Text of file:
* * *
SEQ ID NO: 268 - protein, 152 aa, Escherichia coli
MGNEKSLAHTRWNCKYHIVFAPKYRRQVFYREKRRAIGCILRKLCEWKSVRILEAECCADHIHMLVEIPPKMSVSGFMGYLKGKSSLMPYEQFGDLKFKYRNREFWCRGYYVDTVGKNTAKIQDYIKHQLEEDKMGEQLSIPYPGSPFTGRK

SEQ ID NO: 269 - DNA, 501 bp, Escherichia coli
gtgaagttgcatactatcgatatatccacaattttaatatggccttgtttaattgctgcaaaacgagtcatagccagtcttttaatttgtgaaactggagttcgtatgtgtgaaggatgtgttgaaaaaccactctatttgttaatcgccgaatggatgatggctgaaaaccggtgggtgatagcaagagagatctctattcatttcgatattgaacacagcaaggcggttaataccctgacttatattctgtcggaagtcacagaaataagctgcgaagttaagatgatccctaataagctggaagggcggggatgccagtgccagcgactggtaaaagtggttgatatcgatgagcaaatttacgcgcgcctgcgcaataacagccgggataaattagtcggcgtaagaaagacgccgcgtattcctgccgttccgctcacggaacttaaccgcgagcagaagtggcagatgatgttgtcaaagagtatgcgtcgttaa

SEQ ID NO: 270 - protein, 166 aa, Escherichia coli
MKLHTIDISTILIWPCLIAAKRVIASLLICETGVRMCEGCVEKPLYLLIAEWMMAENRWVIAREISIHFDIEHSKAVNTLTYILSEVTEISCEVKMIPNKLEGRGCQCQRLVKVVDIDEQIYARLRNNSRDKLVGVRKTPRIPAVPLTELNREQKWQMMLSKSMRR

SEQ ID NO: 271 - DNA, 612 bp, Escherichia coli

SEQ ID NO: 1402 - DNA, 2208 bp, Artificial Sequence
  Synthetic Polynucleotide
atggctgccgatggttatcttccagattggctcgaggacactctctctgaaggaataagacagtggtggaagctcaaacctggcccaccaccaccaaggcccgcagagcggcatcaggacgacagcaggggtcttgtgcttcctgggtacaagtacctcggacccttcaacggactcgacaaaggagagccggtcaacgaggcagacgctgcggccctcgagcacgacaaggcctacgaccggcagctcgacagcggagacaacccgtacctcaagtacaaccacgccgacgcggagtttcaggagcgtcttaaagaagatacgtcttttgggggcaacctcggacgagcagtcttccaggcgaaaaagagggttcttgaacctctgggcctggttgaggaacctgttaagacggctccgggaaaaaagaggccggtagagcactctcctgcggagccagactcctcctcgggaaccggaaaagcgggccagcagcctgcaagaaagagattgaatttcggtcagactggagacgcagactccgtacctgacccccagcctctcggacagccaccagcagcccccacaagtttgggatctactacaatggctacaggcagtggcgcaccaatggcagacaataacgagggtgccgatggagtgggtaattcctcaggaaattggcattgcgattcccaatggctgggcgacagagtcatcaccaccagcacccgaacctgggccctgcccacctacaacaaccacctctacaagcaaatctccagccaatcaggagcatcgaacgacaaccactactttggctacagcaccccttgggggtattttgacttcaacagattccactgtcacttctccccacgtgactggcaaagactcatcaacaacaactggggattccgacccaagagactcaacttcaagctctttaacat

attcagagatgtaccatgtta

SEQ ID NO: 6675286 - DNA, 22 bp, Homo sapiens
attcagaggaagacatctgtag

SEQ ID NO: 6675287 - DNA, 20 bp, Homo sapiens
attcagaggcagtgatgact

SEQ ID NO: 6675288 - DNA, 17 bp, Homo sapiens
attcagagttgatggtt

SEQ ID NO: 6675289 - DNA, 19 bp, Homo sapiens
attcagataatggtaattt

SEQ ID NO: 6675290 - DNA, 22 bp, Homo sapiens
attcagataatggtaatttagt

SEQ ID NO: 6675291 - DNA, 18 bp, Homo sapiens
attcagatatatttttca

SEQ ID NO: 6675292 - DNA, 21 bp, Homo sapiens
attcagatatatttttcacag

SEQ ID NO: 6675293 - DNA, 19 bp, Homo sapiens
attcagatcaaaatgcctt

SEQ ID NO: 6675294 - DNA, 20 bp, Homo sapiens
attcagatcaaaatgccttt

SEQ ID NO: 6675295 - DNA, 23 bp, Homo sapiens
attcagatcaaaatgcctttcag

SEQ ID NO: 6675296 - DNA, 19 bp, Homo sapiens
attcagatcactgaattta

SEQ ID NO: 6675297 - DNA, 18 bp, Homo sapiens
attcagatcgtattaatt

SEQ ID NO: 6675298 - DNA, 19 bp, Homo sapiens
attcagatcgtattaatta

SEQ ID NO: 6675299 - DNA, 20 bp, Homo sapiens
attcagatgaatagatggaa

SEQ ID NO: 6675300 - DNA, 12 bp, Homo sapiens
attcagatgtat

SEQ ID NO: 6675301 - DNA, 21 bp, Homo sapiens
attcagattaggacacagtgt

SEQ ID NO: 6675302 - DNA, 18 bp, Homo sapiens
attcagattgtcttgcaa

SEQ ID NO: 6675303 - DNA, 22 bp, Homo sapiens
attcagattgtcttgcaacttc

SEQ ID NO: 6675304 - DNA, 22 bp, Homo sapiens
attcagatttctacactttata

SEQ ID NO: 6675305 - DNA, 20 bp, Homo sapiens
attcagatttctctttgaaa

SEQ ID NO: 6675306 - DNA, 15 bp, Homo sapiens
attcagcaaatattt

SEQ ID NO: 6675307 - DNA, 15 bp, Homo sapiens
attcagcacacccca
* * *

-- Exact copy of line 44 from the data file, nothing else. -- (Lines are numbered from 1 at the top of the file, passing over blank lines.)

SEQ ID NO: 6675302 - DNA, 18 bp, Homo sapiens